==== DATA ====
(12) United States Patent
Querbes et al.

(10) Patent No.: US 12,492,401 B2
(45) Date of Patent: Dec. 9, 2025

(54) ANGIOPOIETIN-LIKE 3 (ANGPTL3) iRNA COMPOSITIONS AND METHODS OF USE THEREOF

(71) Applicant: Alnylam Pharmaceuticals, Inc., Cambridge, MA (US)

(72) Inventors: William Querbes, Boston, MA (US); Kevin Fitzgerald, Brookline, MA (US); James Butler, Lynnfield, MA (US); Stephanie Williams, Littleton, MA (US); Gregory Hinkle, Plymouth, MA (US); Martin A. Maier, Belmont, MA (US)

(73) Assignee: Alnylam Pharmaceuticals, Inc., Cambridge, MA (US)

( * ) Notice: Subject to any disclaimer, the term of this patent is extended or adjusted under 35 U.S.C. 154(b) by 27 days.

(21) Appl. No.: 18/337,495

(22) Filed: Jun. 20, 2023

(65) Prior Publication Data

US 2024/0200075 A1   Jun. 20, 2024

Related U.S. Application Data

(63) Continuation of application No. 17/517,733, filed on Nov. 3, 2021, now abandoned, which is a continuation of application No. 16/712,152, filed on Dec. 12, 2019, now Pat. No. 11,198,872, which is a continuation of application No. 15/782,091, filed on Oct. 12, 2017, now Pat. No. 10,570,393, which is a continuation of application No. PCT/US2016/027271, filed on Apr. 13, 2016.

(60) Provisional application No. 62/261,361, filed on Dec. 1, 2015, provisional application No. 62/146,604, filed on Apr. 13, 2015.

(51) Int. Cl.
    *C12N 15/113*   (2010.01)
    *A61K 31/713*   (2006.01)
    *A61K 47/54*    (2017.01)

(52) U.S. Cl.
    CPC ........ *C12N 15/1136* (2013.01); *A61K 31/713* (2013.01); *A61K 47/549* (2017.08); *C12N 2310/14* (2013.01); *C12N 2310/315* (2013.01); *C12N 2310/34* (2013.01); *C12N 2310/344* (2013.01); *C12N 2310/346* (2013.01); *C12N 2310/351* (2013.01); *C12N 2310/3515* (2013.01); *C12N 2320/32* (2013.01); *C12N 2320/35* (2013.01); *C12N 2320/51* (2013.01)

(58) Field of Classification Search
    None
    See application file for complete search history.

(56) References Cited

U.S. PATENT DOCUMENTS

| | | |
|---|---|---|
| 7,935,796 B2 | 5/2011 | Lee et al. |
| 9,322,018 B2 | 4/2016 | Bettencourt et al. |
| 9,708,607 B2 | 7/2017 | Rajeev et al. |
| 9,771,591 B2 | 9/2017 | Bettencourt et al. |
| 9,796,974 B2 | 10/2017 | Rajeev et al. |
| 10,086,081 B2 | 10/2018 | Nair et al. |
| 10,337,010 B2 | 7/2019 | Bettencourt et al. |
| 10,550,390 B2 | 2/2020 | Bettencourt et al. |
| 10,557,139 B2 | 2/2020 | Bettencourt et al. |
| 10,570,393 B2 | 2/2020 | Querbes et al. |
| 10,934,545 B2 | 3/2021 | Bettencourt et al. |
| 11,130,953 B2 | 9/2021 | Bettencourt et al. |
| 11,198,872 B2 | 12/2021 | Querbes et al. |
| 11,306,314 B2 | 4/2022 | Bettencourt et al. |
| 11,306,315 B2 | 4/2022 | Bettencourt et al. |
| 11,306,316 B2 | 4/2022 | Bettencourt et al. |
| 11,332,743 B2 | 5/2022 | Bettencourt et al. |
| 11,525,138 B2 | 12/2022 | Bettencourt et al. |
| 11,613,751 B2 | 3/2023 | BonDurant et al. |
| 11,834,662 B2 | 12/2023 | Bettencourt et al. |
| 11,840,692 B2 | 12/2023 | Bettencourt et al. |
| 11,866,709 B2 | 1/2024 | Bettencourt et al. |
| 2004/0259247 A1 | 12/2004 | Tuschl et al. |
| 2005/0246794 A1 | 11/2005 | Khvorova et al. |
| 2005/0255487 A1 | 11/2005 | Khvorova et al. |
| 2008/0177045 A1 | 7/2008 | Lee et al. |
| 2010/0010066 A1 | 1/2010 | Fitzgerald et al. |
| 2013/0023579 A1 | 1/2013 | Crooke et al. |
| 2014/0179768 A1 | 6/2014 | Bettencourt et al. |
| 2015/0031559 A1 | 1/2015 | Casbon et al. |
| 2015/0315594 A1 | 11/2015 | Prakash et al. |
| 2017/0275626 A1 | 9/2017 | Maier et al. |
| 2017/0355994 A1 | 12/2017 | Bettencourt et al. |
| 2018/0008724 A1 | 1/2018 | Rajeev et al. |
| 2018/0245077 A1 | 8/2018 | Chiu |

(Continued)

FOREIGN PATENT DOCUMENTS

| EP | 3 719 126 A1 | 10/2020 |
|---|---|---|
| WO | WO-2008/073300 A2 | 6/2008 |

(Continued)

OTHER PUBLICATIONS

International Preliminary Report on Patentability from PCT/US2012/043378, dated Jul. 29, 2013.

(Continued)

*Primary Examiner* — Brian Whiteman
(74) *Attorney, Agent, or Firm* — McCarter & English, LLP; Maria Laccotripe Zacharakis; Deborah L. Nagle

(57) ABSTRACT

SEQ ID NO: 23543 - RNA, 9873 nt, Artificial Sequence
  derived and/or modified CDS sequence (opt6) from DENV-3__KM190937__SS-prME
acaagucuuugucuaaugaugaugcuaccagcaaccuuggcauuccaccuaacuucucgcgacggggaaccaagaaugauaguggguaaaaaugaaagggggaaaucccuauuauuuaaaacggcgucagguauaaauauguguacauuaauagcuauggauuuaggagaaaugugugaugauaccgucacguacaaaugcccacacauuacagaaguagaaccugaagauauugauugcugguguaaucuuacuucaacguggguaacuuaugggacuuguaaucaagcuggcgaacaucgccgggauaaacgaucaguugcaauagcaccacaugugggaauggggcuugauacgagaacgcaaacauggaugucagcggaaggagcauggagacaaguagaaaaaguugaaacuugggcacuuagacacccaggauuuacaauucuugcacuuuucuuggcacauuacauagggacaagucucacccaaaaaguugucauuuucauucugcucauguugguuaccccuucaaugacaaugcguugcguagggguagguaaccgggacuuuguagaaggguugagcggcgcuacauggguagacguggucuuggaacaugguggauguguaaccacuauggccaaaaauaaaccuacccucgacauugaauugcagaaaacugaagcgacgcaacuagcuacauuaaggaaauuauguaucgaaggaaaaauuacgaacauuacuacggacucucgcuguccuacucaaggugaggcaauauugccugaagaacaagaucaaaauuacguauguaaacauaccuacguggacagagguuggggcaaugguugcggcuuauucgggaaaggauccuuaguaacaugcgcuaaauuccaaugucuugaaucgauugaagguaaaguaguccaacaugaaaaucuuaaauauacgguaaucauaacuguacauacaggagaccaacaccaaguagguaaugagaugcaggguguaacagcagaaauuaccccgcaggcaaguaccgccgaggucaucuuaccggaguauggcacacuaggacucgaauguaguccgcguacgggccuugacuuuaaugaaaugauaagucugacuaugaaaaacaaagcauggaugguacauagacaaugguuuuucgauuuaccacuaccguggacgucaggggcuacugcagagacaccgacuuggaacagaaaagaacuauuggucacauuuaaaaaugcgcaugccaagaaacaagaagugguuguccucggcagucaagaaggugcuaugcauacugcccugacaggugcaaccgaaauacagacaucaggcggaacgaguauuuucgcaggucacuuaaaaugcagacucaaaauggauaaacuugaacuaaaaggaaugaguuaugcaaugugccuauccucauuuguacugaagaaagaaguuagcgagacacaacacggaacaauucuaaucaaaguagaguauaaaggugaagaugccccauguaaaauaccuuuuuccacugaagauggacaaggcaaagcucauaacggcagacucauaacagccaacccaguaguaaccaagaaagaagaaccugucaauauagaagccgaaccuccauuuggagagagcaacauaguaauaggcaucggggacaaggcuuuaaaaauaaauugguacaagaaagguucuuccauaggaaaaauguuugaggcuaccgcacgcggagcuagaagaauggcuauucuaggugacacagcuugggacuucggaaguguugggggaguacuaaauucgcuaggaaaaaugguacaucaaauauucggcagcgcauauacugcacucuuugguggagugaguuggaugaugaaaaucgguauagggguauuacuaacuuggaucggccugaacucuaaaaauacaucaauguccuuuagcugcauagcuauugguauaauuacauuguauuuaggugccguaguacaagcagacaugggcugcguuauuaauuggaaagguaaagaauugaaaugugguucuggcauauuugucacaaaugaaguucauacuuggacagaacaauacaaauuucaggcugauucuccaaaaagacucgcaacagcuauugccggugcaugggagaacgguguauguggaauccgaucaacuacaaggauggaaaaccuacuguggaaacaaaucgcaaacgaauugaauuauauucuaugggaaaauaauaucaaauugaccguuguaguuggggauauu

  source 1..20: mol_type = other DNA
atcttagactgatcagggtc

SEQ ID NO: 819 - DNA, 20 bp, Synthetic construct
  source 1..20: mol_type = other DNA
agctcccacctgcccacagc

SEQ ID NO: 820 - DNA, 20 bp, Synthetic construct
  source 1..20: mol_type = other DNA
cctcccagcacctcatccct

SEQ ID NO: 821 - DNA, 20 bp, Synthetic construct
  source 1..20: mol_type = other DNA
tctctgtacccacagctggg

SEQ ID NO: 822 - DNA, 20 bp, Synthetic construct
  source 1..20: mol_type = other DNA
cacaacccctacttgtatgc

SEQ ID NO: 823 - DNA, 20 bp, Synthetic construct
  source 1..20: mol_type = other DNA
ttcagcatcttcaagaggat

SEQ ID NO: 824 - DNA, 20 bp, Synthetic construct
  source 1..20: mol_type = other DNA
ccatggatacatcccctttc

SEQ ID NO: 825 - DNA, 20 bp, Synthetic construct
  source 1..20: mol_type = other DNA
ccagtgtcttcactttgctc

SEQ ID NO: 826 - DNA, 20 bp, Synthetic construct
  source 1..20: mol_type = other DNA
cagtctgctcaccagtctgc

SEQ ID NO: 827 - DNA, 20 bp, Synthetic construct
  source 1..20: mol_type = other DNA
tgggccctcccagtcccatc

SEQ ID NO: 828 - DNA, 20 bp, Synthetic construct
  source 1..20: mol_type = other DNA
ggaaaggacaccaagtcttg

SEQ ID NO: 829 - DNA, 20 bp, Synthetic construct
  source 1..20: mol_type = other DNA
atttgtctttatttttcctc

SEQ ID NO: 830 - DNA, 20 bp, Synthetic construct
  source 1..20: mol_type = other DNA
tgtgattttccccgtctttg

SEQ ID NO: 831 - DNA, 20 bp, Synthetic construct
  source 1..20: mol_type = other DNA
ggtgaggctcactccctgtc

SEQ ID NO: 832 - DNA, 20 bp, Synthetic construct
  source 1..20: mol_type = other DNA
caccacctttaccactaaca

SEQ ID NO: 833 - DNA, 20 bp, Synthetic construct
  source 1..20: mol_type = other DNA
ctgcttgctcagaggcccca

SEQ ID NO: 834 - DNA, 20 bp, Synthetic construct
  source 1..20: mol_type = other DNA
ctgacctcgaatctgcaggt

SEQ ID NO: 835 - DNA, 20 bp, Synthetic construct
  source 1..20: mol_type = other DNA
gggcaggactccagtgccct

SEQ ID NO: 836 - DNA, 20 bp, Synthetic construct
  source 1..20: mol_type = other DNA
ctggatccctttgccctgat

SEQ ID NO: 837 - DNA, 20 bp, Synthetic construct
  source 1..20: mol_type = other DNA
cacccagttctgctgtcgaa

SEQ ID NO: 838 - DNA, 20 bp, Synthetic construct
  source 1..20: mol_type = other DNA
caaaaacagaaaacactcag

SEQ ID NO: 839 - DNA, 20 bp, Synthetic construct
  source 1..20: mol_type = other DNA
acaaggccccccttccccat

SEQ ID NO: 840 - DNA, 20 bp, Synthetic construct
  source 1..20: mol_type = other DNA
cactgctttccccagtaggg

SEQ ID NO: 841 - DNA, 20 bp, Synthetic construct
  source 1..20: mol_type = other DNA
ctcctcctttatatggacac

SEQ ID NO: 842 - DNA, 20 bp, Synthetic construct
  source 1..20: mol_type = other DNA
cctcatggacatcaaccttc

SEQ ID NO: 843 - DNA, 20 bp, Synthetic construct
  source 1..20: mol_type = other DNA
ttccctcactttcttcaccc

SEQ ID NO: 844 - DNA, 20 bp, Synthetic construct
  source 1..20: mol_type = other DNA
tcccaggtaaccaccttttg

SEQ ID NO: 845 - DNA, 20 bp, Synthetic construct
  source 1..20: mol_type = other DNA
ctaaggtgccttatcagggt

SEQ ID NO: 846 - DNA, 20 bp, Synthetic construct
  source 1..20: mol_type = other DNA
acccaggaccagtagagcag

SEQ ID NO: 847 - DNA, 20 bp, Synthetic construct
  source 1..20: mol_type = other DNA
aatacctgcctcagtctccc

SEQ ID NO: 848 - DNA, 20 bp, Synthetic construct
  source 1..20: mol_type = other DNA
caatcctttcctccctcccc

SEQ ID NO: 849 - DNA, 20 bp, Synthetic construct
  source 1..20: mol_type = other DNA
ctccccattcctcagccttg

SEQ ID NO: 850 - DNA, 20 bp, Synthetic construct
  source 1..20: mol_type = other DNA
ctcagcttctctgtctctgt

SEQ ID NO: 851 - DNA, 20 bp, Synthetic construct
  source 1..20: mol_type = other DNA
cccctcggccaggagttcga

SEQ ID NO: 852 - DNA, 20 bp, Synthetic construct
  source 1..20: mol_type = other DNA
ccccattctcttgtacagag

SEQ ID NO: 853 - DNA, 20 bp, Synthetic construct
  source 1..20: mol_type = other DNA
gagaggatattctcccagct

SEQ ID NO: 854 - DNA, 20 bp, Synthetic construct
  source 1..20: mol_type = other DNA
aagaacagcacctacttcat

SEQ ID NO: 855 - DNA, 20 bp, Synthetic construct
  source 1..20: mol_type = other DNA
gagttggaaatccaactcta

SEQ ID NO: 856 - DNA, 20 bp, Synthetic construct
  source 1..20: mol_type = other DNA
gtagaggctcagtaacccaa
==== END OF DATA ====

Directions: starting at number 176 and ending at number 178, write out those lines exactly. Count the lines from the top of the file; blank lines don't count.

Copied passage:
  source 1..20: mol_type = other DNA
ctcagcttctctgtctctgt

SEQ ID NO: 851 - DNA, 20 bp, Synthetic construct